Each Wednesday (or thereabouts) I’ve been recording a Curiosity Journal to recap the previous week using these tag words: reading, playing, learning, reacting and writing.
On Sunday I started Unbroken: A World War II Story of Survival, Resilience, and Redemption.
Finished it on Monday.
As soon as I finished, I wrote a brief response on Goodreads, claiming I wasn’t so crazy about the informative sections because they interrupted the powerful, irresistible narrative. Today, however, when I thought about the nonstop intensity of Louis Zamperini‘s story, I thought maybe those informational portions were intentional respites; maybe Laura Hillenbrand realized that readers would need a pause now and then to catch their breath.
While bedridden by chronic fatigue, Hillenbrand conducted meticulous research, piecing and weaving together overlapping characters and scenes to retell the saga. Louis Zamperini said in an interview (see below) that she was one of his heroes because of all she accomplishes in spite of her debilitating illness of 20+ years. To honor her, he sent her one of his purple hearts.
If you have not read Unbroken and intend to, please know that Hillenbrand seeks to recreate everything that Louie experienced. Some situations are violent, some language is offensive (mostly nicknames the POWs gave to their guards), and some actions are deeply disturbing. If you begin the book and realize that reading it will be too overwhelming, you might prefer to simply watch the CBS documentary (see below) broadcast during the 1998 winter Olympics held in Nagano, Japan. It hits the main points of the story and introduces you to this remarkable man.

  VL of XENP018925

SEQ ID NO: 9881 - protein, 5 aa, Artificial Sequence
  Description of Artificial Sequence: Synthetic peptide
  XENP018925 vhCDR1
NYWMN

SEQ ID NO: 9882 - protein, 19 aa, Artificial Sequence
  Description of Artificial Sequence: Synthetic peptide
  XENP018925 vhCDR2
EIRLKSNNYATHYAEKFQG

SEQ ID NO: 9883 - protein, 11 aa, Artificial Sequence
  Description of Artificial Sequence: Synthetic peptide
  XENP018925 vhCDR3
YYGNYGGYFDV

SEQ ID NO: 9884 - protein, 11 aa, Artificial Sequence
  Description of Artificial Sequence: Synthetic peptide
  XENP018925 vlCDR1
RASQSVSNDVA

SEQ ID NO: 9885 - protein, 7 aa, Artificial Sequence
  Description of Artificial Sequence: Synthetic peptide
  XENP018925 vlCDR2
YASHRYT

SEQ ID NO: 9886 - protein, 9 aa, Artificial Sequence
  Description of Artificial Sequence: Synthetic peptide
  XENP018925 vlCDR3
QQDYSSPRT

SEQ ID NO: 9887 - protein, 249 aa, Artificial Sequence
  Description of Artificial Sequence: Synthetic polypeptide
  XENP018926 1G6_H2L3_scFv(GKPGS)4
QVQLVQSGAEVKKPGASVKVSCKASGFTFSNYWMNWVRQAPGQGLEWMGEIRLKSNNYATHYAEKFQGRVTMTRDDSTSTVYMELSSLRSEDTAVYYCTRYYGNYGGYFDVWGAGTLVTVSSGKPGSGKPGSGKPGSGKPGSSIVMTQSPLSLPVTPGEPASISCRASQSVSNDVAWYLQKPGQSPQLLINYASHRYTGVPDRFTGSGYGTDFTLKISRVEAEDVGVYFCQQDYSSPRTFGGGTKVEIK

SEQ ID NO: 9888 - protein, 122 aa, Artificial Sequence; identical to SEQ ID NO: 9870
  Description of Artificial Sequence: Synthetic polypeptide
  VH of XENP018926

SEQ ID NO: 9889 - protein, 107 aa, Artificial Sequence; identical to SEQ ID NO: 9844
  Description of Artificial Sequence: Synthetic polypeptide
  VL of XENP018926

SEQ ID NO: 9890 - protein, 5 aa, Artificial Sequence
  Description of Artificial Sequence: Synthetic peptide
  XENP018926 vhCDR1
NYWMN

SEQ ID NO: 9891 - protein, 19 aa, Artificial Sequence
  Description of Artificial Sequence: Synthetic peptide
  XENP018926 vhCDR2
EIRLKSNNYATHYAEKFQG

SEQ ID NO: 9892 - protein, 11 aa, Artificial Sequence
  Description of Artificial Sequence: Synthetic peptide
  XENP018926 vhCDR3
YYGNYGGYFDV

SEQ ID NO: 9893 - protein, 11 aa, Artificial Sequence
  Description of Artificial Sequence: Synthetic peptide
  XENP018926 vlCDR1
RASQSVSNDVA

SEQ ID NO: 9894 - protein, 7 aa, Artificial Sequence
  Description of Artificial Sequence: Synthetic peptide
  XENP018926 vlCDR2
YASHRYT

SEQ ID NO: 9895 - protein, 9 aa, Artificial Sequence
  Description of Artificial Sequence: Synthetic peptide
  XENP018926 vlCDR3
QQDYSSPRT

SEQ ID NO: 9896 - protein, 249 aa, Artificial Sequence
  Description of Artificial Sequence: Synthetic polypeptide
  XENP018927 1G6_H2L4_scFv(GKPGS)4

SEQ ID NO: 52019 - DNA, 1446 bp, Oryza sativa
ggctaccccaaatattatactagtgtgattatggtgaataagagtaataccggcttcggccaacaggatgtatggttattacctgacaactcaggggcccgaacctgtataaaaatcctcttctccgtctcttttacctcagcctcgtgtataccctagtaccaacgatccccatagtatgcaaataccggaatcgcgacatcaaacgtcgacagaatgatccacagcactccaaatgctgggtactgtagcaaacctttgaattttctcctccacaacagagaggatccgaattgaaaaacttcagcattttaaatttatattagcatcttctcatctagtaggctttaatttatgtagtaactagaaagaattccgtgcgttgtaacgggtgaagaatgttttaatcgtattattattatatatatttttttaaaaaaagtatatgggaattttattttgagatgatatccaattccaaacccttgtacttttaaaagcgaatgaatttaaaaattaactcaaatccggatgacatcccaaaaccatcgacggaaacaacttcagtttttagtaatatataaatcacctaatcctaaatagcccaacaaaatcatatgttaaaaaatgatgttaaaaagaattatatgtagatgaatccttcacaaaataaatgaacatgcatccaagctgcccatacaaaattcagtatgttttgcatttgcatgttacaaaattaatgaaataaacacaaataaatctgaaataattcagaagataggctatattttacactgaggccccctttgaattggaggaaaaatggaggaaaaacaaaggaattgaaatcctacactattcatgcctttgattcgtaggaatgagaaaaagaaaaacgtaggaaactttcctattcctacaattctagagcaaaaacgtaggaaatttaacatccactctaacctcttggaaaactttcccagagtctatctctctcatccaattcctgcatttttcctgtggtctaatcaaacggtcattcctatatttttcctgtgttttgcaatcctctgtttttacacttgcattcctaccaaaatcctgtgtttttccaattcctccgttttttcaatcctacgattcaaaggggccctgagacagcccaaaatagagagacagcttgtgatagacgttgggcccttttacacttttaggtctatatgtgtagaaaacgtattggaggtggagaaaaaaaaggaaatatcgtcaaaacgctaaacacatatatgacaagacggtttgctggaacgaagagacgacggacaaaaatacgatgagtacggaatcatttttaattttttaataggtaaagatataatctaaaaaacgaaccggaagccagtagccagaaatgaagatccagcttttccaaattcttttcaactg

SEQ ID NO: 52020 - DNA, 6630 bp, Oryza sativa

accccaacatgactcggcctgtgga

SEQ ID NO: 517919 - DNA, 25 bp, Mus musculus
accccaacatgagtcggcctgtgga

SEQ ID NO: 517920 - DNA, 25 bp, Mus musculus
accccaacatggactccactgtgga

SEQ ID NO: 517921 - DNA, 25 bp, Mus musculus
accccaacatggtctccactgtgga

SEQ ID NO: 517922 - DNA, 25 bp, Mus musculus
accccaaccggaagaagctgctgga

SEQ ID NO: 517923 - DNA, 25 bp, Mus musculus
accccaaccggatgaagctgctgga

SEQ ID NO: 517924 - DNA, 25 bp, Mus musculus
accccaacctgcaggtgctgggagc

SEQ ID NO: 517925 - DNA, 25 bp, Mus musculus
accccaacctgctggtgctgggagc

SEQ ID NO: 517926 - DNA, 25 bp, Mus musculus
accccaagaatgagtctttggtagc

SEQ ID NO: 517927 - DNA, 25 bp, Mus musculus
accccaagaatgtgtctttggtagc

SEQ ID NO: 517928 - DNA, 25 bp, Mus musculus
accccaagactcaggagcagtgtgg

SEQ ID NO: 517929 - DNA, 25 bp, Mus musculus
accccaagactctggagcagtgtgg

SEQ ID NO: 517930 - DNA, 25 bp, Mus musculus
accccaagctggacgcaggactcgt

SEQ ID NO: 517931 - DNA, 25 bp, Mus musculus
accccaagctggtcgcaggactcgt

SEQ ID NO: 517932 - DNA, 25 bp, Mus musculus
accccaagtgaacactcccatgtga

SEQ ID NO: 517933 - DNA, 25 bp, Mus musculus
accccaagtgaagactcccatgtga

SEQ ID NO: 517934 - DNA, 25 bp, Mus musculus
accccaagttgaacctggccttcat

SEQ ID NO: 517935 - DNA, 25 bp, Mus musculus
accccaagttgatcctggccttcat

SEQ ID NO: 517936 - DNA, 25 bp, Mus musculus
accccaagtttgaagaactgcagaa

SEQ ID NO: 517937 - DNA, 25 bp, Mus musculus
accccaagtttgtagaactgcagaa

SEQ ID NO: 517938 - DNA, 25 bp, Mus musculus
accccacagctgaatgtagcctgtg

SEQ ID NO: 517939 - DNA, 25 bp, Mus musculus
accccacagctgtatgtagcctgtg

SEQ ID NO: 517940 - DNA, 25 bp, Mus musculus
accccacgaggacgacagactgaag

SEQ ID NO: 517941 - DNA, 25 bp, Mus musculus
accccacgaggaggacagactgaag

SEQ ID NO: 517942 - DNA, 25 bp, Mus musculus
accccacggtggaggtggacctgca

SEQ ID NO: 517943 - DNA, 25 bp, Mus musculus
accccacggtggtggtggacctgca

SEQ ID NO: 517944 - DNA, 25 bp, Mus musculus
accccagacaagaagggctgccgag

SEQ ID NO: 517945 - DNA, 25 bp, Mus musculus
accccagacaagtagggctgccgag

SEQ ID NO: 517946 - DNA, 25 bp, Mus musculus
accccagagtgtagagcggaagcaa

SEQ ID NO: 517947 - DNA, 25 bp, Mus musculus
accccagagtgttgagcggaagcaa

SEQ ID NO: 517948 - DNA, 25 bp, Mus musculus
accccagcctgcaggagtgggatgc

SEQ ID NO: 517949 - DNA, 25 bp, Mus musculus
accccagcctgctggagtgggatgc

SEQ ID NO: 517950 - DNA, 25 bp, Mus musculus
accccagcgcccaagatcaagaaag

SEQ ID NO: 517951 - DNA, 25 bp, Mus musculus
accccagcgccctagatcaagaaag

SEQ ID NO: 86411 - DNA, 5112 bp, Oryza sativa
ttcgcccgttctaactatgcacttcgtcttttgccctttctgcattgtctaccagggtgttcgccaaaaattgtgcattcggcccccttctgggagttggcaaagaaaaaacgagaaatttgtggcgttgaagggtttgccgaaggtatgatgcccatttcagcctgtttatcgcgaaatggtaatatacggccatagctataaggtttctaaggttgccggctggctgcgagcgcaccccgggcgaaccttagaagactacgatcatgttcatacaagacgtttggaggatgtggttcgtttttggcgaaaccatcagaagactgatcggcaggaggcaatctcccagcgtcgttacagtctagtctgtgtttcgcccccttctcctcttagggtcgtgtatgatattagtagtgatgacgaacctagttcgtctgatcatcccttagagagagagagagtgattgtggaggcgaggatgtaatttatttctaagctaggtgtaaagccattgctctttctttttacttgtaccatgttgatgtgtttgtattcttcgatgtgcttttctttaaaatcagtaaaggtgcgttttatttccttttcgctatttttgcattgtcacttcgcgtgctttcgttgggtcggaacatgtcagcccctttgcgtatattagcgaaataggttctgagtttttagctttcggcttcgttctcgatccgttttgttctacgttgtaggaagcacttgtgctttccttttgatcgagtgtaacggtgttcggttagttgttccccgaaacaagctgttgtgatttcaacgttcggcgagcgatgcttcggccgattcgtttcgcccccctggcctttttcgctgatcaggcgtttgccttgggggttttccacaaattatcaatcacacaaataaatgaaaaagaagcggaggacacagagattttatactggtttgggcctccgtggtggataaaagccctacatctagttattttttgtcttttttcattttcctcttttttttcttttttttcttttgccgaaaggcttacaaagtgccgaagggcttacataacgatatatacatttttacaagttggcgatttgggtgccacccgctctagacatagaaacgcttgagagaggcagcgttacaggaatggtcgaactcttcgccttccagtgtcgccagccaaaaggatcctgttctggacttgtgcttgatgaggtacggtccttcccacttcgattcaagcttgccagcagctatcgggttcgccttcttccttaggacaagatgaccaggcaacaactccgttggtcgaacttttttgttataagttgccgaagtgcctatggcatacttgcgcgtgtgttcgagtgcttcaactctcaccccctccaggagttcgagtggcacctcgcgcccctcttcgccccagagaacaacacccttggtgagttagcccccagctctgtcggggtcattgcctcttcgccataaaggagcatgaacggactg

Spoiler alert: As I just pointed out, the following video provides a good overview of Louis Zamperini’s story. If you have not read Unbroken and plan to, do not watch the following CBS video. I believe you’ll appreciate the book much more if you simply let the details unfold, page after page.
If you have read the book, however, or if you know you won’t ever be reading it, enjoy hearing from some of the main characters (beginning 9:54 through 50:00). After the video, a USC professor interviews Louie in person. In total—the CBS documentary + the interview—the video lasts 2 hours, 17 minutes. I watched it on Tuesday and felt it was worth every minute.
Absorbed in Louis Zamperini’s story, stunned by his suffering, inspired by his faith, and motivated by his resilience and spunk, I would say the closest I came to playing was to delay a few duties on Monday in order to finish the book.
Spoiler alert: The following section reveals a few details from the book, so consider how much you want to keep as a surprise.
From the USC interview, I learned that Zamperini signs books with the phrase “Be hardy.” He feels like this current generation hasn’t known struggle like his did. “Our period of time before WWII,” he explained, “we had nothing but adversity, and we had to overcome it.” He observed that some people don’t try to overcome when they face something hard. They just stop and then “it eats on them. I like the term hardy,” he continued, “because every time you overcome an adversity, you become more hardy. “At age 94, his health (in 2011, when the interview was conducted) is great. He rarely gets sick. His explanation? “You have to stay positive and believe that all things work together for good for those that love the Lord…look for what the good is going to be.”
Also, he says that staying cheerful is where your health comes from. “Have a cheerful countenance at all times…you’ll get white corpuscles into your immune system and get well faster.” (You should see his smile!)